Sluggish growth in the West is prompting many companies to look further afield for export opportunities. Emerging markets are now major importers as well as exporters and are seeing bigger increases in consumption than developed countries.
China’s middle class is expected to increase by more than the size of the UK population in just five years and its demand for high-end goods is increasingly matched by more everyday consumer staples. Latin America, traditionally seen as an exporter, is already a net importer of manufactured goods.
Plugging into emerging-market demand is a key part of UK and US growth strategies
Plugging into emerging-market demand is a key part of UK and US growth strategies. British Prime Minister David Cameron has pledged to double the UK’s exports by 2020. But many Western companies are still adjusting to this new reality. UK exports remain oriented towards traditional markets, with exports to China the equivalent of around 0.4 per cent of GDP, whereas UK exports to the rest of the European Union are equivalent to around 10 per cent of GDP.
Would-be exporters from developed countries also face competition from emerging nations. We expect South-South trade between emerging nations to increase at a rapid pace over the coming decades – perhaps growing tenfold by 2050. Although this is also an opportunity for firms from developed markets who can identify key components to add value into these South-South flows.
Economic and diplomatic ties are developing fast between the Middle East and Asia. Where once Western firms were the dominant force in bidding to build Middle Eastern infrastructure, Asian contractors are increasingly outcompeting them for projects such as roads, sewage systems and even nuclear power plants.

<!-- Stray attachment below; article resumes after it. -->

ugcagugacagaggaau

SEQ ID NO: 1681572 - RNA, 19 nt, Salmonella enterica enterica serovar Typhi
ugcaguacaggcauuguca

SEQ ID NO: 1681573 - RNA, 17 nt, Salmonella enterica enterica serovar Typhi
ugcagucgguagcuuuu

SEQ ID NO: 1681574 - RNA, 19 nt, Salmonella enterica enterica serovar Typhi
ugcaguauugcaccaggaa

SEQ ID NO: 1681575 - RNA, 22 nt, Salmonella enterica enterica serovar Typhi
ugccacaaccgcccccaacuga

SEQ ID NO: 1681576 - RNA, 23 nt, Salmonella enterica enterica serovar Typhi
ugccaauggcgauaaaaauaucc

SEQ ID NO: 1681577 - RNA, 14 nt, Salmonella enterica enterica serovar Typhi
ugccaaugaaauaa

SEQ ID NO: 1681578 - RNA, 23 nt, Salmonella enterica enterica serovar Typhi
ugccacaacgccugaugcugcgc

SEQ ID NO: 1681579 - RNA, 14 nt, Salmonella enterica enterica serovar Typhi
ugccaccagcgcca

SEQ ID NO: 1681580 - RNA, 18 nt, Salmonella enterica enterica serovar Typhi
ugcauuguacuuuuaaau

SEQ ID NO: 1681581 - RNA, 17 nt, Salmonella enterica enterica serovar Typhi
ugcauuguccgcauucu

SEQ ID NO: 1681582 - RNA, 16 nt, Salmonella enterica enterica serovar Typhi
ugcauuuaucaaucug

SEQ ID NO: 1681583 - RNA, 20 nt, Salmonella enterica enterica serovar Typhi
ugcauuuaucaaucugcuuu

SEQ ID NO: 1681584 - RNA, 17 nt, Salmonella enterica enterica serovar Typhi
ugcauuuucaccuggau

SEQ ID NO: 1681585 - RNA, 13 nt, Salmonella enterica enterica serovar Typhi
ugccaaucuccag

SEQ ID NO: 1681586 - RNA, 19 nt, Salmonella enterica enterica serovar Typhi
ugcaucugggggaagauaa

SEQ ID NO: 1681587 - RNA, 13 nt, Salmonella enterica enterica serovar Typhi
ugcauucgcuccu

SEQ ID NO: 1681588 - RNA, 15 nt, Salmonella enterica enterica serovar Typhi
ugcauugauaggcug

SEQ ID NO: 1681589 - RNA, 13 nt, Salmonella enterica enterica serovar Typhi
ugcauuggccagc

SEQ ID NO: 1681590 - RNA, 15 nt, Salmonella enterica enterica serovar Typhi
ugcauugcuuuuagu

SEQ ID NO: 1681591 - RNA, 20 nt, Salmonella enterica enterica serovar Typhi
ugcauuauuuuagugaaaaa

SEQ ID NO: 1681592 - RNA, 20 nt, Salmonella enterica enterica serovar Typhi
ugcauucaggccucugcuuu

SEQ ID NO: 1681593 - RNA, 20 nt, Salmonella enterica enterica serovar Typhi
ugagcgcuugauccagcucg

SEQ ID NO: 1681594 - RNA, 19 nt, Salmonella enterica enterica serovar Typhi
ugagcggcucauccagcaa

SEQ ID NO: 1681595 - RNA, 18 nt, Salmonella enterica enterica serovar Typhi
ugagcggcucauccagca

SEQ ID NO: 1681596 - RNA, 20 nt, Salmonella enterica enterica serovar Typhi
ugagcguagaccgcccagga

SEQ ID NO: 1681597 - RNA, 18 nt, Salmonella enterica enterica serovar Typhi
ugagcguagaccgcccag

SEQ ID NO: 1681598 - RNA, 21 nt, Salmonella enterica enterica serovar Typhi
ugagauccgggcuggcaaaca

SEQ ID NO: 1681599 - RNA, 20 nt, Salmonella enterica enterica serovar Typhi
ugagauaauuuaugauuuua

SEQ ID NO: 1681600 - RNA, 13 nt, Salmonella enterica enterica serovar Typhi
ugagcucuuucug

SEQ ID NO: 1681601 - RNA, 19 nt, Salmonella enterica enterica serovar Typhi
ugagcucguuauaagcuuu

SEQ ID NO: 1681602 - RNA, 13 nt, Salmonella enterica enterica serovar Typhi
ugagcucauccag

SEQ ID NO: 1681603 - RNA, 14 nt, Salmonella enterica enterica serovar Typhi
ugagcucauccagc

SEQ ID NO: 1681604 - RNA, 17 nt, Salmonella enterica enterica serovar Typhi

The good news for UK firms is that there are plenty of areas of strength – including design and innovation, education, biotechnology, 4G mobile networks, high-tech industrial manufacturing and clean technologies such as wind power. Producers of children’s goods and baby products have also been successful in selling to Asian parents and grandparents.
Other firms have learnt to adapt to local preferences. In the past, Western supermarket chains looking to expand in China have switched from selling frozen to live chicken, as this is what customers expect. Cosmetics manufacturers have broken into the Chinese market by offering green tea-flavoured toothpaste.
Similarly, firms can pick up market share by offering local currency arrangements. We’ve seen a number of Western companies that want to build a presence in China looking to trade in renminbi rather than dollars or euros, to provide added certainty to their local partner.
Breaking into the world’s fastest-growing new markets takes thought, time and energy, but exporters will find the opportunities more than repay the effort.